The Innovative Parrays


A man follows his father’s footsteps and creates unique innovations. Originality and genius span the generations—and as Majid Maqbool reports—so does the struggle without government support.

In a dilapidated two-room house in Banigam, Shalimar, Abdul Rahman Parray, 50, lives in poverty along with his wife and three children. A daily wager in an agriculture workshop in the Sher-e-Kashmir University of Agricultural Science and Technology (SKUAST), Rahman has been welding agriculture tools for the past 18 years. But when he is not doing welding or repairs, Rahman comes up with innovations.

The 8th standard dropout is an unassuming innovator. He has developed an electric spinning wheel which works on a small motor, and is ten times more efficient and productive than an ordinary spinning wheel. In 2008, he presented his innovation to Kashmir University’s USIC department and registered it. Experts there appreciated his unique innovation.

Recently, Rahman received news that his innovation has been awarded Rs 3.5 lakh by a central agency – the highest in the competition in which professional innovators were vying for the top award. His innovation is expected to be patented soon.

Ambition amidst Adversity
Meanwhile, Rahman has not been paid for the past three years from SKUAST. Nevertheless, he continues to work in the workshop as a daily wage employee. “I lost my teeth in all these years in the workshop, but I was not regularized,” says Rahman who has to feed a family of four. The last salary he received was on Eid when he went to university authorities, requesting them to at least release some money for Eid.

The idea of making a spinning wheel that runs on electricity came to him one evening in 1996. He was returning home after a hard day at work. “I saw my wife working on the spinning wheel and her hands were tired,” recollects Rahman. “Then I thought why can’t the spinning wheel work on a motor,” he says. Rahman used a small motor from an electric blower and attached it to the spinning wheel. It worked. In the subsequent years, Rahman worked more on the electric spinning wheel innovation, adding more parts and designing it properly. “The electric spinning wheel saves time and energy and increases productivity,” he says. Rahman’s wife no longer works on an ordinary spinning wheel at home. She has been using the electric spinning wheel to spin yarn. Rahman says he is happy that his innovation is helping his wife at home.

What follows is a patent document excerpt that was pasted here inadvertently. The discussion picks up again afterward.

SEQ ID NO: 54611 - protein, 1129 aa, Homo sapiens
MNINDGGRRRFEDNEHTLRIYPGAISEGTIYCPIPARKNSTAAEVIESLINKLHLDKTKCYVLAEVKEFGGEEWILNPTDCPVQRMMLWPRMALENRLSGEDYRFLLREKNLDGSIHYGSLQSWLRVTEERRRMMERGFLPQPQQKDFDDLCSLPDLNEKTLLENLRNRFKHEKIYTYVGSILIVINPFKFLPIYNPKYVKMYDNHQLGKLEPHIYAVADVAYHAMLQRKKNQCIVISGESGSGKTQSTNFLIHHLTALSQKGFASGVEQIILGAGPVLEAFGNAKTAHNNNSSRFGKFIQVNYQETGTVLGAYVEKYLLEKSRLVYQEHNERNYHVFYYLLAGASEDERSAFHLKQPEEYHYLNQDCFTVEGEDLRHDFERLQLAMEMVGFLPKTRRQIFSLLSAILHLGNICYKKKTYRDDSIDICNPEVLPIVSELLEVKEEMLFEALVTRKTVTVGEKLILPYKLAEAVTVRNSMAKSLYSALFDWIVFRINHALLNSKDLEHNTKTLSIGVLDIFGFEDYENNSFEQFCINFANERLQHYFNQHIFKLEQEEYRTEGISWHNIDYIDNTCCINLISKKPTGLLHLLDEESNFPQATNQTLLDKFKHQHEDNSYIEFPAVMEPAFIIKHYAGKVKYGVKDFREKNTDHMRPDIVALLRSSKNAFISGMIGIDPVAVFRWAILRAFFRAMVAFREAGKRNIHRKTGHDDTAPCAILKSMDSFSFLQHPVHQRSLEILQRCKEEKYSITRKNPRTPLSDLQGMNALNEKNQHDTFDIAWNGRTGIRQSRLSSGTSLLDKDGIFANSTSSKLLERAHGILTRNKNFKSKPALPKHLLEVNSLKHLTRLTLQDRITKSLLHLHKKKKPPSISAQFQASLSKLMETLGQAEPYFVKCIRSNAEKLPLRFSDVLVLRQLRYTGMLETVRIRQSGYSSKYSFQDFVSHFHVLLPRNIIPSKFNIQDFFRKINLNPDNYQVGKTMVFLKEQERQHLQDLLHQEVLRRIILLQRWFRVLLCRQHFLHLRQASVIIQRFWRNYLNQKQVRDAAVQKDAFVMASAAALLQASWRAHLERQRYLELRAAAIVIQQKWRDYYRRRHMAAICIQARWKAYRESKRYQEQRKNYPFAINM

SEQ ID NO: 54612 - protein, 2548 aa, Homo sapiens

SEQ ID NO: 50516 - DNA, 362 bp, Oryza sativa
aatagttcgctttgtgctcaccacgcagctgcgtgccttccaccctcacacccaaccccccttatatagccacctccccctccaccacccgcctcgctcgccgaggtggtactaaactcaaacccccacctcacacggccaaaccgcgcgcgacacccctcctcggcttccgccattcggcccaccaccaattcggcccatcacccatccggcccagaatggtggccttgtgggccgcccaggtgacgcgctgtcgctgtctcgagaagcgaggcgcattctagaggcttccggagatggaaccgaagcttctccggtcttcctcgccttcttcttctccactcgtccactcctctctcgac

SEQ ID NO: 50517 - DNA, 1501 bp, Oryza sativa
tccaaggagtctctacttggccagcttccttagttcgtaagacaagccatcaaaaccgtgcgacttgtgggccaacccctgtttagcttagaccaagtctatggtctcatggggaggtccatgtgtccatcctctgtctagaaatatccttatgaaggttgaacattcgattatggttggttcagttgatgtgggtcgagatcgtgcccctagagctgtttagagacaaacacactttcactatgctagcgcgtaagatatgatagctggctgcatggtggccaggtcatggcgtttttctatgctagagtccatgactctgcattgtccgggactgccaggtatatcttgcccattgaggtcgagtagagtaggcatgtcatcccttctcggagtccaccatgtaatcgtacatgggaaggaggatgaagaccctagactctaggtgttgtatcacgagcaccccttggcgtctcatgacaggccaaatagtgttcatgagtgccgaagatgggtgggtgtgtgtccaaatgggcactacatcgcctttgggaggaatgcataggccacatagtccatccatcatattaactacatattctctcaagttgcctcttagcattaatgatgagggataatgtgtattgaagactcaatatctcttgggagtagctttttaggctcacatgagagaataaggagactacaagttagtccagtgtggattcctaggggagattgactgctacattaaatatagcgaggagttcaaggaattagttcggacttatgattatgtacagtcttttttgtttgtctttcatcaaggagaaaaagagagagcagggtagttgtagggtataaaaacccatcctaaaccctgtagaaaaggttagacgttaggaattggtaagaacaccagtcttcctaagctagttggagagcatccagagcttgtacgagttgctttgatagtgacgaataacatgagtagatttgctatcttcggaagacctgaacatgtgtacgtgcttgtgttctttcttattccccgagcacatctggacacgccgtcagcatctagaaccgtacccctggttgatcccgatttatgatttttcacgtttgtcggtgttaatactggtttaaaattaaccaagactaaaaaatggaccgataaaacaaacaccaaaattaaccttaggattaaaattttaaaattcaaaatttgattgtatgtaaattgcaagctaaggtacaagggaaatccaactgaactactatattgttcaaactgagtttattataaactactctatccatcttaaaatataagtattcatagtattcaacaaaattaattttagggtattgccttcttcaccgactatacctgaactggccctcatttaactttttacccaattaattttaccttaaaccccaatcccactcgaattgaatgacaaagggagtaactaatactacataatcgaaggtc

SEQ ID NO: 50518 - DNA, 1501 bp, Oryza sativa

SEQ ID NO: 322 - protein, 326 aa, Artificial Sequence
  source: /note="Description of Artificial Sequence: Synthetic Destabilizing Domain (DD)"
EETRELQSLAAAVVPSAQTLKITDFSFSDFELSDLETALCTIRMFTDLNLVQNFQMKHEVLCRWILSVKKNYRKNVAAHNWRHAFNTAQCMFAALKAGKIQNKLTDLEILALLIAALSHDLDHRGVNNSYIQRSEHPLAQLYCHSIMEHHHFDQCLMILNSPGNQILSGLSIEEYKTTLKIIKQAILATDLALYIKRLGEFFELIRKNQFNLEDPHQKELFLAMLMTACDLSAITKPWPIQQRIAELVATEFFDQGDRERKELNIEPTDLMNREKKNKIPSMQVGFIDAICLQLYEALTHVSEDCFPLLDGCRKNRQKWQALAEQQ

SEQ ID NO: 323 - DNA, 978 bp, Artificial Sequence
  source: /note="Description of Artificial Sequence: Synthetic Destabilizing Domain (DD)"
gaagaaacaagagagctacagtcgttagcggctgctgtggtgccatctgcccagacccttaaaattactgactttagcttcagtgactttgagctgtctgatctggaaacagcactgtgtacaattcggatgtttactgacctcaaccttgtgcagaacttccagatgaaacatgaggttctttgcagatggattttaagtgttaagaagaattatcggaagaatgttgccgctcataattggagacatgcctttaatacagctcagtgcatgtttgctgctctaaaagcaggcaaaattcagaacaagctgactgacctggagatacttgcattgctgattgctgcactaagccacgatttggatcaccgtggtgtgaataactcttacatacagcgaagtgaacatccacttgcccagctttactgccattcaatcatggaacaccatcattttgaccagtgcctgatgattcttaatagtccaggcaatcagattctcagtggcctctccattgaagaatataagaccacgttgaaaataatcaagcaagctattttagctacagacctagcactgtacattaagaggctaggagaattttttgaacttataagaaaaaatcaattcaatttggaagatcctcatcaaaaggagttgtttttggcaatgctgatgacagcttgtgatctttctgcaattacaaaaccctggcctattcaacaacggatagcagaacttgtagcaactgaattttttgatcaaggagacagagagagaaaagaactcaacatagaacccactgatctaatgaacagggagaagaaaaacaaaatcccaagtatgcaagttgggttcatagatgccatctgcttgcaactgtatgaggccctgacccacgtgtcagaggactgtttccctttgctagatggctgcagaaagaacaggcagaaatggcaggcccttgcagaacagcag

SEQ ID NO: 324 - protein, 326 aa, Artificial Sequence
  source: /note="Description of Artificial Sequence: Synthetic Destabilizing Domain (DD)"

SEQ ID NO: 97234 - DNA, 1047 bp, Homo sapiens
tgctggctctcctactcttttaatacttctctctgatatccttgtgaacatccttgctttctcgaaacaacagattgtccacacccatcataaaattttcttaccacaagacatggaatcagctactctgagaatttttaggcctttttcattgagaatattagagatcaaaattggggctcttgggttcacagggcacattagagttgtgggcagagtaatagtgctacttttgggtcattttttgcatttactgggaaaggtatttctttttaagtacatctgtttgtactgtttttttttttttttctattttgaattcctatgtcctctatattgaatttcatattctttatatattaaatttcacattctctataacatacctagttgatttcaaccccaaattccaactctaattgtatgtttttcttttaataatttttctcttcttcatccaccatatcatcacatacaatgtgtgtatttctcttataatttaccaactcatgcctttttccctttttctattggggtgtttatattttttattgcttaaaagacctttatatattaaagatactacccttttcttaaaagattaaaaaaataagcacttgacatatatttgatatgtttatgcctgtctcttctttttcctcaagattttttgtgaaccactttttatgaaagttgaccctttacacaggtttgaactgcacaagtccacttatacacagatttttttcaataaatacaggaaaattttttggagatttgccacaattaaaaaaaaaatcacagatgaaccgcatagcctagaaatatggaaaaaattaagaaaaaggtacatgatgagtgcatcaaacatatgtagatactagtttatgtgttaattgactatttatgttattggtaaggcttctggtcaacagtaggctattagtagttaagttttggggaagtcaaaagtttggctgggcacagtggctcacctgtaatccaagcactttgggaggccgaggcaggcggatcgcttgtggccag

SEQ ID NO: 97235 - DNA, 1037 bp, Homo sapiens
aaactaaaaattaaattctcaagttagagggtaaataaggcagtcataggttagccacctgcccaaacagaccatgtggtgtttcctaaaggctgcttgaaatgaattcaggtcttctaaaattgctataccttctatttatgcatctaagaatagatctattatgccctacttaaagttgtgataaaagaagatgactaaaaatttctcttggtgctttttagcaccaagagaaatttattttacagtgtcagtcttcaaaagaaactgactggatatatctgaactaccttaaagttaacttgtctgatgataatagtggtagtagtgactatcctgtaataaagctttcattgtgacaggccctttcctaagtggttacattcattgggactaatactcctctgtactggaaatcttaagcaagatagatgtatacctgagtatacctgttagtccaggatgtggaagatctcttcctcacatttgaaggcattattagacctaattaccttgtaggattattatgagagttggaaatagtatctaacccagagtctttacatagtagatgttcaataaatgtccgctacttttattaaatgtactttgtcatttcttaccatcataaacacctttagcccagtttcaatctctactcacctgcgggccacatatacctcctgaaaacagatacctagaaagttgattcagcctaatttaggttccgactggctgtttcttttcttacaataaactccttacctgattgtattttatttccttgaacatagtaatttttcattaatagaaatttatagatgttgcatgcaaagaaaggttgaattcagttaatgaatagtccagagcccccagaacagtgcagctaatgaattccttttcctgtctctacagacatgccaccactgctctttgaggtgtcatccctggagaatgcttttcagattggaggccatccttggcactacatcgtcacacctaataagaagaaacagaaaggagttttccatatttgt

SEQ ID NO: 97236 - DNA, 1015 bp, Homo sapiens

Rahman wants to make his electric spinning wheel more efficient. “Its size can be further reduced and small motor place inside it so that it makes less noise while working,” he says.

Money Matters
However, Rahman is in a dilemma about what exactly to do with his recent award money.  “I don’t know how I should I spend this amount,” he thinks aloud. “Should I spend it to improve my living conditions or keep it for developing the innovation?” More than the one time award money, Rahman wants financial assistance from the government to set up his own workshop where he can make more innovations and employ people like him.

At times, Rahman had no money to reach the university where he was called for testing his innovation.  “Many times I had to walk to reach the university, since I had no money in my pocket,” he says, flashing a toothless smile. “At times I even had to beg to survive in the past,” he says.

In his room, Rahman has kept a collection of used electric wires and hardware leftovers, broken fan parts; small motors and other things he keeps bringing home every day. This is the material he experiments with. “At times I pick up some things from the streets and I bring them home as they can be useful to me,” he says. He shows an old blower in his room which has a newly fitted fan. “It had a plastic fan which was making a lot of noise and it would burn things,” he says. “I replaced the fan with a handmade steel fan which I carved out of a piece of steel at the workshop.”